On this episode of Breaking the Set, Abby Martin Talks to Bob English, Financial Contributor, about the recent jobs report and US financial policy. Abby then showcases some of her political artwork and explains art’s importance in reflecting the times. BTS airs a short interview with artist Andrei Molodkin and his exhibit ‘Crude,’ a critique on the global oil industry. BTS wraps up the show with an interview with muralist, Mear One, about his art and inspiration.
Passing on an announcement from the local neighborhood netwrk about a meeting to save Berkeley’s downtown post office:
Community Meeting 6:45 p.m. Tuesday, January 29, 2013 re: Post Office
You are invited to a Community Meeting at 6:45 pm on Tuesday, January 29th at the Berkeley Arts Festival Space, 2133 University Avenue between Shattuck & Oxford, in downtown Berkeley.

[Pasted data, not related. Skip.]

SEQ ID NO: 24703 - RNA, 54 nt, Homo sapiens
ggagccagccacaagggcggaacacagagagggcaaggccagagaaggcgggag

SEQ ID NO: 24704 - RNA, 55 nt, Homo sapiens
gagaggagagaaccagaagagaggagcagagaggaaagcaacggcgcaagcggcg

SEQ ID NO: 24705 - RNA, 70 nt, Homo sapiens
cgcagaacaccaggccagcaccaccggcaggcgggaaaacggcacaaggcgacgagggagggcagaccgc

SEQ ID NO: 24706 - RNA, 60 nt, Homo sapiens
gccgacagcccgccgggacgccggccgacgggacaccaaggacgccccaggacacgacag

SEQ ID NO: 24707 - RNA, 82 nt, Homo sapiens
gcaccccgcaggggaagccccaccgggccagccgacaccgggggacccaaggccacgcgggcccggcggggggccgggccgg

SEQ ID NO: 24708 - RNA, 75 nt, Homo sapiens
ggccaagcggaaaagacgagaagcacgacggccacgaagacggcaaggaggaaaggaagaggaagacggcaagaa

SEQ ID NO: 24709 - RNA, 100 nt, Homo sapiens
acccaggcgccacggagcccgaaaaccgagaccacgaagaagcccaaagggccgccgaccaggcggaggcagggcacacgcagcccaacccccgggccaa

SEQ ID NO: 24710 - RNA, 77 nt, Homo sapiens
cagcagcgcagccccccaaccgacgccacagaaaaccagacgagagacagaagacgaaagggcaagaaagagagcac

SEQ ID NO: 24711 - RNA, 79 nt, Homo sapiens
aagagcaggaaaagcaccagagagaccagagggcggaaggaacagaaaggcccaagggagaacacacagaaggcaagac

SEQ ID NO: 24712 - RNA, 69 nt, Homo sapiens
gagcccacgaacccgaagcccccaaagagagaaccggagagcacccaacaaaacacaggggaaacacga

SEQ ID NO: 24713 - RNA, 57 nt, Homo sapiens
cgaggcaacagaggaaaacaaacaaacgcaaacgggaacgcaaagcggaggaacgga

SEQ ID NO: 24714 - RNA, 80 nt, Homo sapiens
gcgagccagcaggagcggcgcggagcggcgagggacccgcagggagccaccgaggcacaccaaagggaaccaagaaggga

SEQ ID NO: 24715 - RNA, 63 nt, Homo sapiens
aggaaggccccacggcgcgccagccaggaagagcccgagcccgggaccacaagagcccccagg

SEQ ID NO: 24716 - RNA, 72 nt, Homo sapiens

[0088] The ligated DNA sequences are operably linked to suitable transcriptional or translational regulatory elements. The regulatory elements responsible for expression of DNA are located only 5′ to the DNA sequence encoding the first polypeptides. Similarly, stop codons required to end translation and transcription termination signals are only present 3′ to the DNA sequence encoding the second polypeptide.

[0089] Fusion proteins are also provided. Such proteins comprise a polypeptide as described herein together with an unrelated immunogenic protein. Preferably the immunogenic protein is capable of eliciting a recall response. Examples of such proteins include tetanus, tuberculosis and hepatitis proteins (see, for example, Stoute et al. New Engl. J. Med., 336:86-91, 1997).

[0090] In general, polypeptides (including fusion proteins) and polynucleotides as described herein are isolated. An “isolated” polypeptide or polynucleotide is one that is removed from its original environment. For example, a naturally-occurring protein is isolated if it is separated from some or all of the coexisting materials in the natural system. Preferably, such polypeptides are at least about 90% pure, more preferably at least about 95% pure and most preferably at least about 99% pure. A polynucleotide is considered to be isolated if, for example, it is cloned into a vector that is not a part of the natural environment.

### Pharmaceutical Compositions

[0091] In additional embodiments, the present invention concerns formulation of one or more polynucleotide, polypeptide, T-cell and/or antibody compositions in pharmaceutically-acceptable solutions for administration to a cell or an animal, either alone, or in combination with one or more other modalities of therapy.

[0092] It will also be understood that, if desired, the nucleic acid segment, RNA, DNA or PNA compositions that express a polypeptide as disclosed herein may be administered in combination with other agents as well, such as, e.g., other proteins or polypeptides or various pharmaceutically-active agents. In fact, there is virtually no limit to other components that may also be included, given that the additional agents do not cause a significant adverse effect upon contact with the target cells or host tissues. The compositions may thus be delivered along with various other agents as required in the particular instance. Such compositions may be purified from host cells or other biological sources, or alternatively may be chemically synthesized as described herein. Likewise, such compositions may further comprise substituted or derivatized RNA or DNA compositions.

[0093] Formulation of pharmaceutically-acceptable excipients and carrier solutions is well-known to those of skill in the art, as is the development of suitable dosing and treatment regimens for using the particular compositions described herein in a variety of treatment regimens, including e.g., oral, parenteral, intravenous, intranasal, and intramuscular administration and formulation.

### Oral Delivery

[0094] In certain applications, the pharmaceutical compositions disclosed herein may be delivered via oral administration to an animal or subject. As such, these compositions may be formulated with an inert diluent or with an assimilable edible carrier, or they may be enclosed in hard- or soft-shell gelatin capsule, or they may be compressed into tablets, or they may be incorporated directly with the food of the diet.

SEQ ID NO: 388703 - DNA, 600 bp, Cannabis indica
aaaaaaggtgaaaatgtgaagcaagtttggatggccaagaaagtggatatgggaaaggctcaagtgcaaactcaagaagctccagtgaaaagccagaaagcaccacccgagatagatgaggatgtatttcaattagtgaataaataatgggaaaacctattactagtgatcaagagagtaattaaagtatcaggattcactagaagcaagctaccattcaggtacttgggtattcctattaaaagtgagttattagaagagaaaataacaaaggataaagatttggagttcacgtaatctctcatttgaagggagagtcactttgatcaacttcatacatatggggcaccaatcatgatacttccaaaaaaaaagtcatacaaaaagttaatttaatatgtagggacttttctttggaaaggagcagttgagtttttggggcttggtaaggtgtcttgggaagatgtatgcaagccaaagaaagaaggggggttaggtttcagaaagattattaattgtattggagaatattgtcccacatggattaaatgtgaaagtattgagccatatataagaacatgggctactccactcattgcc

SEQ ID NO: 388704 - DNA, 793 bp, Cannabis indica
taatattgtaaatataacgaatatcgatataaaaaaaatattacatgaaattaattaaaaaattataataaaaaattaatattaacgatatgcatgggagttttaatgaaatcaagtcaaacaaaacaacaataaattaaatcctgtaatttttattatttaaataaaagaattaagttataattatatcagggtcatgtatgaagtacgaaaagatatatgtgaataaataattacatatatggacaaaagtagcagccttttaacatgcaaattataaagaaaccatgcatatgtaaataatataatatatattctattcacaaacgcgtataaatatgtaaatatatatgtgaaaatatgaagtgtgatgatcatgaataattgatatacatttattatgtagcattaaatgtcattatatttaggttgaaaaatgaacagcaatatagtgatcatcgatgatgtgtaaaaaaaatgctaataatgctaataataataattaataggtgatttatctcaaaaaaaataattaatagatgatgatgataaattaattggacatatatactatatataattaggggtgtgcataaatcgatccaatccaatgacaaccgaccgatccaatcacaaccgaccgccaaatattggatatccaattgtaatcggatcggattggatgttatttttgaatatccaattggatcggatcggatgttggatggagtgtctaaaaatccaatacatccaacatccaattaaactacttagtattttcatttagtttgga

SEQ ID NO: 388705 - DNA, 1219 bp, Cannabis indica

Citizens to Save the Berkeley Post Office is hosting an informational and working meeting. We will share information on the status of Berkeley’s Downtown Post Office, discuss outreach and education strategies, sign up to help save the Berkeley post office and a publicly-owned postal service.
The cause is good, though it could cost Sen. Diane Feinstein’s spouse a nifty commission, since his company is handling the sales of post office real estate, including downtown Berkeley’s post office including some impressive public artwork.
We dispatched an image plucked from the Web [sadly, a lost link] to our elder daughter, the foremost feline fancier among our progeny:
In response, one of her own felines composed a poignant response which we pass on to you:
Why are they asleep?
I jump across their bodies.
I bite their fingers.
I cry my pain into their tiny ears.
IT IS 5:30 WHY ARE YOU TORTURING ME?
At last, the man wakes.
He opens the door and I run to my bowl.
Only to hear him close the door behind me.
Only I know true pain.